Secondary teachers work with children between the ages of 11 and 18. They specialise in teaching one or two subjects from the national curriculum.
Your degree should be relevant to the subject you want to train to teach. Examples of the way that degree subjects can relate to the curriculum are listed in this table:
|National curriculum subjects
|design and technology (D&T)
||food science, engineering, electronics, home economics, product design, textiles, jewellery and metalwork
|information and communication technology (ICT)
||computer science, ICT
||economics, maths, statistics, accountancy and engineering
||French, German, Italian, Spanish, Portuguese, Polish, Chinese, Japanese, Arabic, Bengali, Gujarati, Punjabi, Biblical Hebrew and other European languages
||biology, marine biology, sports science, environmental science, chemistry, physics and chemical engineering
|religious education (RE)
||anthropology, citizenship, cultural studies, philosophy, theology, Jewish studies
It is useful for potential teachers of modern languages to have skills in two languages. These can include community languages, like Mandarin or Hindi, as well as European languages such as French or Spanish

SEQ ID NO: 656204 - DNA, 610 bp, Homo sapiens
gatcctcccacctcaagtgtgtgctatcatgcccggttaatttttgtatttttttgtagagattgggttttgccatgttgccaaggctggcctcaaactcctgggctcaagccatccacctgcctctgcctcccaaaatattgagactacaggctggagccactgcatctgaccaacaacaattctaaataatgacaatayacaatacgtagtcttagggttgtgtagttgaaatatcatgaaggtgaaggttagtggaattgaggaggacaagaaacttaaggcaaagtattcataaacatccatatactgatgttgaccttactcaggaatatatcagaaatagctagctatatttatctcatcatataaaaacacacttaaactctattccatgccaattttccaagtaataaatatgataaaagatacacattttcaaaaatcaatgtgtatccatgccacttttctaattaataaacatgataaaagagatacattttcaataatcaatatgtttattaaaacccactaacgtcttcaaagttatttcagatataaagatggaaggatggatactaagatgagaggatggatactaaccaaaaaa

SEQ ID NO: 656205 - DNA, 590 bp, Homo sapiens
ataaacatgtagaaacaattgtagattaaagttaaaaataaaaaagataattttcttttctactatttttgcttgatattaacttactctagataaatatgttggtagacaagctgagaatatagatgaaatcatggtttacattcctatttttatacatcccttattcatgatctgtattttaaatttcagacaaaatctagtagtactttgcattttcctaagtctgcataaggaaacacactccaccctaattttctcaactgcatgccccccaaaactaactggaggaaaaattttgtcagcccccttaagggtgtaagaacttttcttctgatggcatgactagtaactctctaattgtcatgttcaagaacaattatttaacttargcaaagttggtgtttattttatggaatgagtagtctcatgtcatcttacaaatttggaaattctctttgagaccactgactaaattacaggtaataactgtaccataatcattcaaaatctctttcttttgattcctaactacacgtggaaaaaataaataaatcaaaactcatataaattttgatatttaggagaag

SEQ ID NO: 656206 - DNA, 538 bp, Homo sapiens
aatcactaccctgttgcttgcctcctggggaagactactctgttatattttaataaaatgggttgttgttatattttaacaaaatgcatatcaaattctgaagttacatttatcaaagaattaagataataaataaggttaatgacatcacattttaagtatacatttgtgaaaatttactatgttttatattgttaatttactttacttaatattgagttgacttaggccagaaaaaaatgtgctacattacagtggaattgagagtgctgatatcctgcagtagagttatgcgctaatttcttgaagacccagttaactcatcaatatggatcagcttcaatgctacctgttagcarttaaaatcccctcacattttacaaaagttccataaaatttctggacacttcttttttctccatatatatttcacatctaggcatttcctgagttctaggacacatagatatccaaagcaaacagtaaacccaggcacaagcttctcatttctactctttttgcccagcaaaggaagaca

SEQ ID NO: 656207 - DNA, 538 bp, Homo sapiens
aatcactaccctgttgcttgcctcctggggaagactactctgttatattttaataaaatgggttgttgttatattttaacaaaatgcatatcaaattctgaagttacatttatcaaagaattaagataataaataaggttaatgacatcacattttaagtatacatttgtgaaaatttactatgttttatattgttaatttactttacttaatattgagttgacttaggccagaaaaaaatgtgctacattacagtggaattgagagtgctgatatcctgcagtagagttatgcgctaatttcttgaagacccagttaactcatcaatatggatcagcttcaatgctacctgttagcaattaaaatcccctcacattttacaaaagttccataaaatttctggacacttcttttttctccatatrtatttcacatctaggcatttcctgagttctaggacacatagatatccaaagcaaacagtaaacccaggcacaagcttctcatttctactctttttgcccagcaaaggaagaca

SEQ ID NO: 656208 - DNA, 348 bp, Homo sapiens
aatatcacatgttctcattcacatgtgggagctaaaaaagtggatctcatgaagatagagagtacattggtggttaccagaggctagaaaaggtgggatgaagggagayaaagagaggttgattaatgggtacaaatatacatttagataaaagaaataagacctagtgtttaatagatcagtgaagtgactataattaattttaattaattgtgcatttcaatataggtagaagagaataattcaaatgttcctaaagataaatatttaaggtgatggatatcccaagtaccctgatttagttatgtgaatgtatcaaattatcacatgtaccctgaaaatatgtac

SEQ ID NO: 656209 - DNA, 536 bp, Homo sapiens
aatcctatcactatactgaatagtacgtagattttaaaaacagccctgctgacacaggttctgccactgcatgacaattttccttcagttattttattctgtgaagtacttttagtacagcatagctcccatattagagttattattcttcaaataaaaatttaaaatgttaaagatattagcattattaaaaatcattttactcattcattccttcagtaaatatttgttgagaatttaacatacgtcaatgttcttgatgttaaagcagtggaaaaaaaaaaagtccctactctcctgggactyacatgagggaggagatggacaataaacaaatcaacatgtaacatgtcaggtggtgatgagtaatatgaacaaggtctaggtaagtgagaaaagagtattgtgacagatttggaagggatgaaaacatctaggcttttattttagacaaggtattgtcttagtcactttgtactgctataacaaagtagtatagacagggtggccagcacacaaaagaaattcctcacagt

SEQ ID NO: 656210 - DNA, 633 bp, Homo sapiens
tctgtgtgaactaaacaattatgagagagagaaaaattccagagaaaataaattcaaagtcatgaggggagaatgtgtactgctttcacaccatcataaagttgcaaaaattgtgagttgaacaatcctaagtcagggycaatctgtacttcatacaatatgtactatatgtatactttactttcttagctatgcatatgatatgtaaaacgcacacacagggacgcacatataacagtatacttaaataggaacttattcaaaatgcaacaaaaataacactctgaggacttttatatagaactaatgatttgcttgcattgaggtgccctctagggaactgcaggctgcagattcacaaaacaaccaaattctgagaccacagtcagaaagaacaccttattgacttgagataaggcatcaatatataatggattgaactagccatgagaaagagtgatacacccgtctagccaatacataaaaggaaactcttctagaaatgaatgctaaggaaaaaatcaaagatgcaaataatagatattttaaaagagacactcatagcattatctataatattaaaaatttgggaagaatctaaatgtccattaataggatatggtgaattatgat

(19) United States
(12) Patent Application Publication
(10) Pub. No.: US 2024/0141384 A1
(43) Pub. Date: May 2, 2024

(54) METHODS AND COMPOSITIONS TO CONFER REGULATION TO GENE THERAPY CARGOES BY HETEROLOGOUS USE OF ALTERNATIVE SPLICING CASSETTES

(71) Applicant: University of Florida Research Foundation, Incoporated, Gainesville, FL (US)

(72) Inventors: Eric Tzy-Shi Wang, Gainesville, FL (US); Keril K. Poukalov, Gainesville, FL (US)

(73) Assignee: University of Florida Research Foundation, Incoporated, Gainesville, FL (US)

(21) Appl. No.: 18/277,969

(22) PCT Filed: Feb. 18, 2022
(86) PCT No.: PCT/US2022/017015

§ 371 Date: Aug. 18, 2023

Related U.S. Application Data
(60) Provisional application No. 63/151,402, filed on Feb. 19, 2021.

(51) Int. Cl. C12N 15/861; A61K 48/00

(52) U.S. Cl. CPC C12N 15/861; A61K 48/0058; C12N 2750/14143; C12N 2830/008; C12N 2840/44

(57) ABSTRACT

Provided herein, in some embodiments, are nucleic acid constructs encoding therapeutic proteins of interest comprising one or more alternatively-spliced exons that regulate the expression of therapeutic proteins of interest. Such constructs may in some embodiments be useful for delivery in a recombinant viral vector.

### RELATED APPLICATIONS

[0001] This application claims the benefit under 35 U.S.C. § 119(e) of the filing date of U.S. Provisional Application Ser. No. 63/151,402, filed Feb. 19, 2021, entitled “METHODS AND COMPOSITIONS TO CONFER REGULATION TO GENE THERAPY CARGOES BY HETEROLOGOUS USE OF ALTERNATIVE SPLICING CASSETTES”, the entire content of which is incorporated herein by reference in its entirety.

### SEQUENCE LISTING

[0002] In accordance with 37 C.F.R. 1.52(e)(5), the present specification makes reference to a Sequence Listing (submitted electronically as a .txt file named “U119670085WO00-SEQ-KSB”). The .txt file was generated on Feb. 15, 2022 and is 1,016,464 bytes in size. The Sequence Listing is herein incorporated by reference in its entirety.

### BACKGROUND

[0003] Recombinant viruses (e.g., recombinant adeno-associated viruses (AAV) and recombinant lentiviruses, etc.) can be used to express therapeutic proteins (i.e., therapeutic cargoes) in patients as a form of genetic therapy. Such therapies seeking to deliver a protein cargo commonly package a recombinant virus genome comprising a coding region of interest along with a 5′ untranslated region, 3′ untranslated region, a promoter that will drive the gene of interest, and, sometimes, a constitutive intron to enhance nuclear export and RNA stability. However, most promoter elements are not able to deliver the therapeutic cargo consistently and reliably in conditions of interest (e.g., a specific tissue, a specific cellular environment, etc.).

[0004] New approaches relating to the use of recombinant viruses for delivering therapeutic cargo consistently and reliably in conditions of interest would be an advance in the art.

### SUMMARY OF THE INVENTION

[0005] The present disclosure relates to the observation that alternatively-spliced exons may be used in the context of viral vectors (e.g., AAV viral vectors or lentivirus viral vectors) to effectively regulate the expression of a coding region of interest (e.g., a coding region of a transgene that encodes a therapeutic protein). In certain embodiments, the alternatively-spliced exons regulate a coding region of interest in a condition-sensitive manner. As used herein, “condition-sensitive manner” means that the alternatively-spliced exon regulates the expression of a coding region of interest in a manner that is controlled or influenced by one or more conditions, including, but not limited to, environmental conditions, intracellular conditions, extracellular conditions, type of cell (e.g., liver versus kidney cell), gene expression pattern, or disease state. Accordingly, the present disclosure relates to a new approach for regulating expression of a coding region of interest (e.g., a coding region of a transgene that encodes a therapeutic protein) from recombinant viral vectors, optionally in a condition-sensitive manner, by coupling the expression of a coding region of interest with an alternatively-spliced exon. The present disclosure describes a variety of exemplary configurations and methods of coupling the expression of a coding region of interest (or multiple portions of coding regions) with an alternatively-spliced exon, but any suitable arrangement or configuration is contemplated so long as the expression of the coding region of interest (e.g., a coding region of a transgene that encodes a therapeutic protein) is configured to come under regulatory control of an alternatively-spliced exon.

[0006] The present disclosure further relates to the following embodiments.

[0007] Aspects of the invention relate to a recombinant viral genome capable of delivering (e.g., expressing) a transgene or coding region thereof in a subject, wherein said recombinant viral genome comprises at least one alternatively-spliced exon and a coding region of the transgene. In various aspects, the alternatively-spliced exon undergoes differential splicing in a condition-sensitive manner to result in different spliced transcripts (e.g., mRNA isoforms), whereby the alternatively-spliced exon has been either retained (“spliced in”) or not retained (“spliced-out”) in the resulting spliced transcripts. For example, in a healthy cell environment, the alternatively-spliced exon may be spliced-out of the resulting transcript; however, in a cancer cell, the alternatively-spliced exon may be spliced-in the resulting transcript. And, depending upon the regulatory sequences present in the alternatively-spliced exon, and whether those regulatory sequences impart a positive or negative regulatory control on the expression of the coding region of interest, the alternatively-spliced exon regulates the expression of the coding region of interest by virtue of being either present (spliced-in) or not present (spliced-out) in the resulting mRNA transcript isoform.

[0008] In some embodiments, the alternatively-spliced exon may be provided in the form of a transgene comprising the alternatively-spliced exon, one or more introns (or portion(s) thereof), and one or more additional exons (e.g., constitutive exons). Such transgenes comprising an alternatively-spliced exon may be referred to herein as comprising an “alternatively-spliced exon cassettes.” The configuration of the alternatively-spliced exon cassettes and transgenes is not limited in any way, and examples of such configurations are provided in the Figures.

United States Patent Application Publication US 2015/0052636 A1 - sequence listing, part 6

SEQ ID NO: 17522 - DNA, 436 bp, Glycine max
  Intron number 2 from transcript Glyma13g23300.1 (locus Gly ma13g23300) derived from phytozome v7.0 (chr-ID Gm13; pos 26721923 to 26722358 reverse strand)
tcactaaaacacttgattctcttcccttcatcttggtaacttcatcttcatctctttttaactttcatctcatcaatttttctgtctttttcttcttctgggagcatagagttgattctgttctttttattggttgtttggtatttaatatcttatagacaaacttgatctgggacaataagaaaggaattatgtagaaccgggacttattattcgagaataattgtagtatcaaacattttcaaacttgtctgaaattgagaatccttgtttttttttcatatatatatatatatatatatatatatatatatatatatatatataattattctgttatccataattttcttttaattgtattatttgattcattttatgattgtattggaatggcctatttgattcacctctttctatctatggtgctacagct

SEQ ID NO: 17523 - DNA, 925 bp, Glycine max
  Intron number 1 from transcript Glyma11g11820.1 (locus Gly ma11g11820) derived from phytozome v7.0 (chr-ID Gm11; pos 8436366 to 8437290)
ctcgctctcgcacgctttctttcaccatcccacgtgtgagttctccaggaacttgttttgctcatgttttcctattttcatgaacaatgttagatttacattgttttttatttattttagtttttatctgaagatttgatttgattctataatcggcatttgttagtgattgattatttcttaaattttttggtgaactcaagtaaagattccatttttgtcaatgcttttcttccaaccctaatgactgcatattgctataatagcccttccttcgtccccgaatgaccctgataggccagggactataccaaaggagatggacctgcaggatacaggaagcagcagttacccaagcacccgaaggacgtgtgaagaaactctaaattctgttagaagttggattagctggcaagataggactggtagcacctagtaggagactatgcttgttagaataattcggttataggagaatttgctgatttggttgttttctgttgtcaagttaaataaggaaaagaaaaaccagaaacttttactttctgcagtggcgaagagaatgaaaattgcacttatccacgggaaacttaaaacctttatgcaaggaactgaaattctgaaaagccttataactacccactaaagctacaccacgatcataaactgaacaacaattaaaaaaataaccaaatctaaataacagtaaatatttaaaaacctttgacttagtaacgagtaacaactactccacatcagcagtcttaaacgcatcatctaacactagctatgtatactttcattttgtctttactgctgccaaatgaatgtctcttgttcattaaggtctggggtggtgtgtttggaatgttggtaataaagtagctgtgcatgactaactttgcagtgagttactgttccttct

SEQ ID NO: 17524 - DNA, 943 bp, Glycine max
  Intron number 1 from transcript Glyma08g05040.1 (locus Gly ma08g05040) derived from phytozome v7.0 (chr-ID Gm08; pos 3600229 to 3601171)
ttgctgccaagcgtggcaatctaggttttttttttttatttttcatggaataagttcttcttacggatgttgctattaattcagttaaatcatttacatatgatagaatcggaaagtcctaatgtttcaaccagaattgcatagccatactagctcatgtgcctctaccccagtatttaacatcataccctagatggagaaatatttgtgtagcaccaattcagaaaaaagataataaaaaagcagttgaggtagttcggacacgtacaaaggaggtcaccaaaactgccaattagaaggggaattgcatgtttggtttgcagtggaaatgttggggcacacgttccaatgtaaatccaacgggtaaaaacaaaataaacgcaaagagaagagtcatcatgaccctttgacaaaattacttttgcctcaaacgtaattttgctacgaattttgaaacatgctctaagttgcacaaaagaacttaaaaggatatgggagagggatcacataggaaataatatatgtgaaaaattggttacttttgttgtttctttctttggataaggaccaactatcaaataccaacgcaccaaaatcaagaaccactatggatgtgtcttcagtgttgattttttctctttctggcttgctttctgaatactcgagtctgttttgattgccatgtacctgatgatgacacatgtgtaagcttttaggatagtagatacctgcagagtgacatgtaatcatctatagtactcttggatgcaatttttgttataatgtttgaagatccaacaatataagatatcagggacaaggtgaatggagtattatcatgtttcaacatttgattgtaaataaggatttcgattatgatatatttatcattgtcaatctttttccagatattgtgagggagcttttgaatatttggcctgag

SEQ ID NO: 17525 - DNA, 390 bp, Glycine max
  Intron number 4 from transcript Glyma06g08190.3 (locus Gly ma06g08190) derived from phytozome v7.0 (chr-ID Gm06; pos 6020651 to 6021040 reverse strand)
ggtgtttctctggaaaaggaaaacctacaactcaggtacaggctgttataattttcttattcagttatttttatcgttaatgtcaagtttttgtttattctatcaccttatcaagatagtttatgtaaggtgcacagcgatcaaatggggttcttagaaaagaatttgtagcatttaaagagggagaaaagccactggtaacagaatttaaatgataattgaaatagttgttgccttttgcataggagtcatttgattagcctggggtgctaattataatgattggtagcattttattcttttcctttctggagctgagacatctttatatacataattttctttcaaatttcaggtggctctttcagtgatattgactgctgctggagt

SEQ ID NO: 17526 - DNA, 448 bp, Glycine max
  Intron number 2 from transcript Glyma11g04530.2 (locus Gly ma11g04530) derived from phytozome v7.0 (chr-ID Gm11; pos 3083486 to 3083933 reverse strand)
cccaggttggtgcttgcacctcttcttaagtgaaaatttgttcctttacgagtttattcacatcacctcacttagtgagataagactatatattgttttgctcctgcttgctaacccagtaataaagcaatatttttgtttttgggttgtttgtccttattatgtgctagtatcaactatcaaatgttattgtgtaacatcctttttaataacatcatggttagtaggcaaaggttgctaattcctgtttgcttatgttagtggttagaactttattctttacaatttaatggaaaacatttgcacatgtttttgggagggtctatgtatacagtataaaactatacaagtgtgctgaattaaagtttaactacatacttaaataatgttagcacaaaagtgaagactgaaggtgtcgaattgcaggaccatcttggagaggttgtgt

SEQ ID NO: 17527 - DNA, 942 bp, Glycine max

The national curriculum for all key stages can be viewed on the Department's website. If you have any doubts about the relevance of your degree subject(s) then please approach individual initial teacher training (ITT) providers for advice, or contact the Teaching Line on 0800 389 2500.
Subject enhancement programmes are available for graduates who need to develop their subject knowledge to teach secondary pupils maths, physics, chemistry, languages, computing or design and technology (D&T). Find out more about subject knowledge enhancement (SKE) programmes
Teaching English Baccalaureate subjects
The English Baccalaureate (EBacc) is a performance measure that was introduced in 2010. It recognises where pupils have achieved a grade C or better in the core EBacc subjects of maths, English, physics, biology, chemistry, geography, history and languages.
As a result, the teachers of EBacc subjects are more in demand than ever before. Employment opportunities for teachers of these subjects in the academic year 2011/12 were at their highest since 2006/07
Latest figures from a report for the Department (PDF, 1MB) reveal that 49 per cent of year 9 pupils have chosen to study the set of key subjects from September 2012. This compares with data which shows that fewer than a quarter (22 per cent) of GCSE pupils were entered for the EBacc in 2010.
If you train to teach certain EBacc subjects, you may be eligible for a tax-free training bursary. Conditions apply; find out more on our funding for teacher training pages
Register with us for information and advice about getting into teaching.